LISTEN: Savannah's development impact fees are levied on virtually all forms of new private development, as a means of defraying the cost of expanding city infrastructure. GPB's Benjamin Payne reports.

A backhoe is used at a construction site in Savannah, with a construction worker watching from a distance.
Credit: City of Savannah

New homes and commercial properties in Savannah will cost more to build over the coming years, as the city began imposing fees for new construction on July 1.

Known as development impact fees, the charges are meant to help defray the cost of expanding Savannah's infrastructure, amenities and services, such as building new roads, parks and fire stations.

“Our approach to developing impact fees in Savannah was driven by data, best practices demonstrated across Georgia, and engagement with local stakeholders, and our community as a whole, every step of the way,” Savannah city manager Jay Melder said in a statement. “We now have another tool to assure the necessary expansion of city services into growing areas is funded equitably and sustainably.”

The one-time fees are levied on virtually all kinds of new private development within Savannah city limits, from houses to office buildings and beyond: movie theaters, amusement parks and cemeteries, to name a few of the more obscure categories.

Here are the rates for some common types of development:

  • Single-family detached house: $3,930
  • Duplex or townhouse (1-3 stories): $3,888
  • Mid-rise multi-family residential building (4-10 stories): $3,842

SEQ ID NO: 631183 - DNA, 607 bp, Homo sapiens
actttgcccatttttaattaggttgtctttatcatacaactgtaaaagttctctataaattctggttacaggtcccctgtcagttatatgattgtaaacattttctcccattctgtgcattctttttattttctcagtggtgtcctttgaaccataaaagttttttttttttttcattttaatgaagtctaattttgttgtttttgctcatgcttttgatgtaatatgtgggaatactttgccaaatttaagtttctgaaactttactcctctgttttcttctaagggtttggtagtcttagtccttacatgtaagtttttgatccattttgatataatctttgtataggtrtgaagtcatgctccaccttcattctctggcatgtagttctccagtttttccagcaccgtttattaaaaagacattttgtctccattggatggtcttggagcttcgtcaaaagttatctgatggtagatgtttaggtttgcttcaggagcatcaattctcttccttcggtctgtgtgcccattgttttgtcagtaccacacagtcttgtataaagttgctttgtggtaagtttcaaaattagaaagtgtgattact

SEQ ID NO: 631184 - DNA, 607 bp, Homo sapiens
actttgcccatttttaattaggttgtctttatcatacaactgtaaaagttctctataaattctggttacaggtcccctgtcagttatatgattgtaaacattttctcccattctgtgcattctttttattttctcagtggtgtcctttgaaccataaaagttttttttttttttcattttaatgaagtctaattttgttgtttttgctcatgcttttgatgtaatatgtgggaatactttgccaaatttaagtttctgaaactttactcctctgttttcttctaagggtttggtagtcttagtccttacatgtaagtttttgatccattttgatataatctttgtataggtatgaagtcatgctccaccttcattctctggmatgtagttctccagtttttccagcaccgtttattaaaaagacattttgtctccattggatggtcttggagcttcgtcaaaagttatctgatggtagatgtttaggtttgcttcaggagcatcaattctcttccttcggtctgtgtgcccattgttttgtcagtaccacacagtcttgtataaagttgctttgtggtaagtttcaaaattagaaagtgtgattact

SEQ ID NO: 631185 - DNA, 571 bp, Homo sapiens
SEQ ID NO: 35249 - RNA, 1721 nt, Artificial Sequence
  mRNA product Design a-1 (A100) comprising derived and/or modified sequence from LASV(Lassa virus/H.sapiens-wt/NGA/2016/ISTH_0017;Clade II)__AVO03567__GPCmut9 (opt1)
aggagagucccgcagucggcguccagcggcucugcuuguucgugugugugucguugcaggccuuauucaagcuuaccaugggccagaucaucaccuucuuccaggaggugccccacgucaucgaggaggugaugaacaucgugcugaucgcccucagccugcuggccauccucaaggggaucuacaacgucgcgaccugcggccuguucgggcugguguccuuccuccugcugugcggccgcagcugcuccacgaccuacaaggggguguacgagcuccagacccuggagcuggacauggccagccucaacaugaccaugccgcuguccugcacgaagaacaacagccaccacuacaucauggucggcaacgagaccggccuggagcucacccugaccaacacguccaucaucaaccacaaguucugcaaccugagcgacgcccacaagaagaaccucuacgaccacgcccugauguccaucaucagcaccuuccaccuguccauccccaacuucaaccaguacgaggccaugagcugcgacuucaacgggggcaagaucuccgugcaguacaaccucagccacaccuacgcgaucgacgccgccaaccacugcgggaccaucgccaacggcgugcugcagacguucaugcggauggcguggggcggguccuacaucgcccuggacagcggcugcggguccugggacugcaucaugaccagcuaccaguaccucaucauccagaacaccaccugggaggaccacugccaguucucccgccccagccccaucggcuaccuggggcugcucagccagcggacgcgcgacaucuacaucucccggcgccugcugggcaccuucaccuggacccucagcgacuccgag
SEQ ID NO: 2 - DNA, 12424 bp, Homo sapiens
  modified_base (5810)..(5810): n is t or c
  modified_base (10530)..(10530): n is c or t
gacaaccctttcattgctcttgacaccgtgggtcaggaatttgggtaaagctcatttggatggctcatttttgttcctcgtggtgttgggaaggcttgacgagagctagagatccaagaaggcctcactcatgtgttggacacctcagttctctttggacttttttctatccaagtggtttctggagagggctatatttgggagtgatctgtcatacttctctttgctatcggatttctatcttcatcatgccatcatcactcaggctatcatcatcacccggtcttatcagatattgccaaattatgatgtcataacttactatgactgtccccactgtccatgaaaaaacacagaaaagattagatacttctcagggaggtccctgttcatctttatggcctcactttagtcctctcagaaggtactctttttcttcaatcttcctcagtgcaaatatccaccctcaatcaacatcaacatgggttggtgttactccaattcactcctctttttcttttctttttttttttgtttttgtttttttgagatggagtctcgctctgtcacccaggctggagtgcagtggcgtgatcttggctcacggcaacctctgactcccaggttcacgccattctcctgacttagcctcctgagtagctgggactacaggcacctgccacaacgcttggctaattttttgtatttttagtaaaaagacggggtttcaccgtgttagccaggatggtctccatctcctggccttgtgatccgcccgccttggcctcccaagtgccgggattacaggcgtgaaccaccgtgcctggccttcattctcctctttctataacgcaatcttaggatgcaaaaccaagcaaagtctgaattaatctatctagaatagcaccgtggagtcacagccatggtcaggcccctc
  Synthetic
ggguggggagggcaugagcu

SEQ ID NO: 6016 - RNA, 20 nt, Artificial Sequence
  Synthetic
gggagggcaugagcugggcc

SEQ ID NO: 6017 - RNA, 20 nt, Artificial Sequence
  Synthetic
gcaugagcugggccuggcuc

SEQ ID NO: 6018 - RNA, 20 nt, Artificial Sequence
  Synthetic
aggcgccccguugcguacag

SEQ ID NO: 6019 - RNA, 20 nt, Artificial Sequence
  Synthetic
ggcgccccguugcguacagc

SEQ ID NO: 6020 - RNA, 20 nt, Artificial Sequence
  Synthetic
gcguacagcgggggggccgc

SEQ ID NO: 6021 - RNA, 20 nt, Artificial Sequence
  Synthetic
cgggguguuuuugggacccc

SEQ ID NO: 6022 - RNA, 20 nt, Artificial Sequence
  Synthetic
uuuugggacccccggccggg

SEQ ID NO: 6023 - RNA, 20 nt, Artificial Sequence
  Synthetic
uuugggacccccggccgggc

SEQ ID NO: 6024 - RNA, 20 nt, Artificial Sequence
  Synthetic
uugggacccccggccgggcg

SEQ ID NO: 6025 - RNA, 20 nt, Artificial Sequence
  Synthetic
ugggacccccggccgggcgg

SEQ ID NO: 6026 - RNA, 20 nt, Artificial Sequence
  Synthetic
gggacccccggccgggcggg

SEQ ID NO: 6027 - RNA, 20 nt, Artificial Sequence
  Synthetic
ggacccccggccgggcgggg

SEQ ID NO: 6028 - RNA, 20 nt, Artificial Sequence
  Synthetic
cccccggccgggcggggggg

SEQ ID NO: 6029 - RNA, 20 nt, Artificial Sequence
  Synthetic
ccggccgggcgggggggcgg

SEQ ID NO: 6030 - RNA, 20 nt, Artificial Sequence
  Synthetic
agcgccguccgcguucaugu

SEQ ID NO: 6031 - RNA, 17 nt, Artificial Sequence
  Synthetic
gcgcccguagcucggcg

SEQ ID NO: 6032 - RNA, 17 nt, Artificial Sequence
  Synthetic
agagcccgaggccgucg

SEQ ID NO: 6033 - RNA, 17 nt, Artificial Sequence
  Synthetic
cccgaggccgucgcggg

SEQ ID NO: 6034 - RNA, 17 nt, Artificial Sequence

• Hotel: $640.80 per room
  • Warehouse: $0.33 per square foot
  • General office building: $3.06 per square foot
  • Medical-dental office building: $4.31 per square foot
  • Hospital: $2.71 per square foot
  • Supermarket: $3.66 per square foot
  • Gas station: $343.74 per pump

Savannah's impact fee ordinance provides exemptions for residential remodeling and expansion projects — such as refinishing a basement or adding onto a room — as well as other forms of construction within existing structures. Additionally, new affordable housing developments can qualify for a 25% rate reduction.

The city is gradually phasing in its impact fees for the first two years, meaning that the full rate won't immediately apply: projects built between July 2023 and June 2024 are subject to only 50% of the fee, increasing to 75% for projects built between July 2024 and June 2025.

More than 50 municipalities in Georgia, including Atlanta, currently charge development impact fees, which began in 1990 after the state legislature authorized local governments to impose them.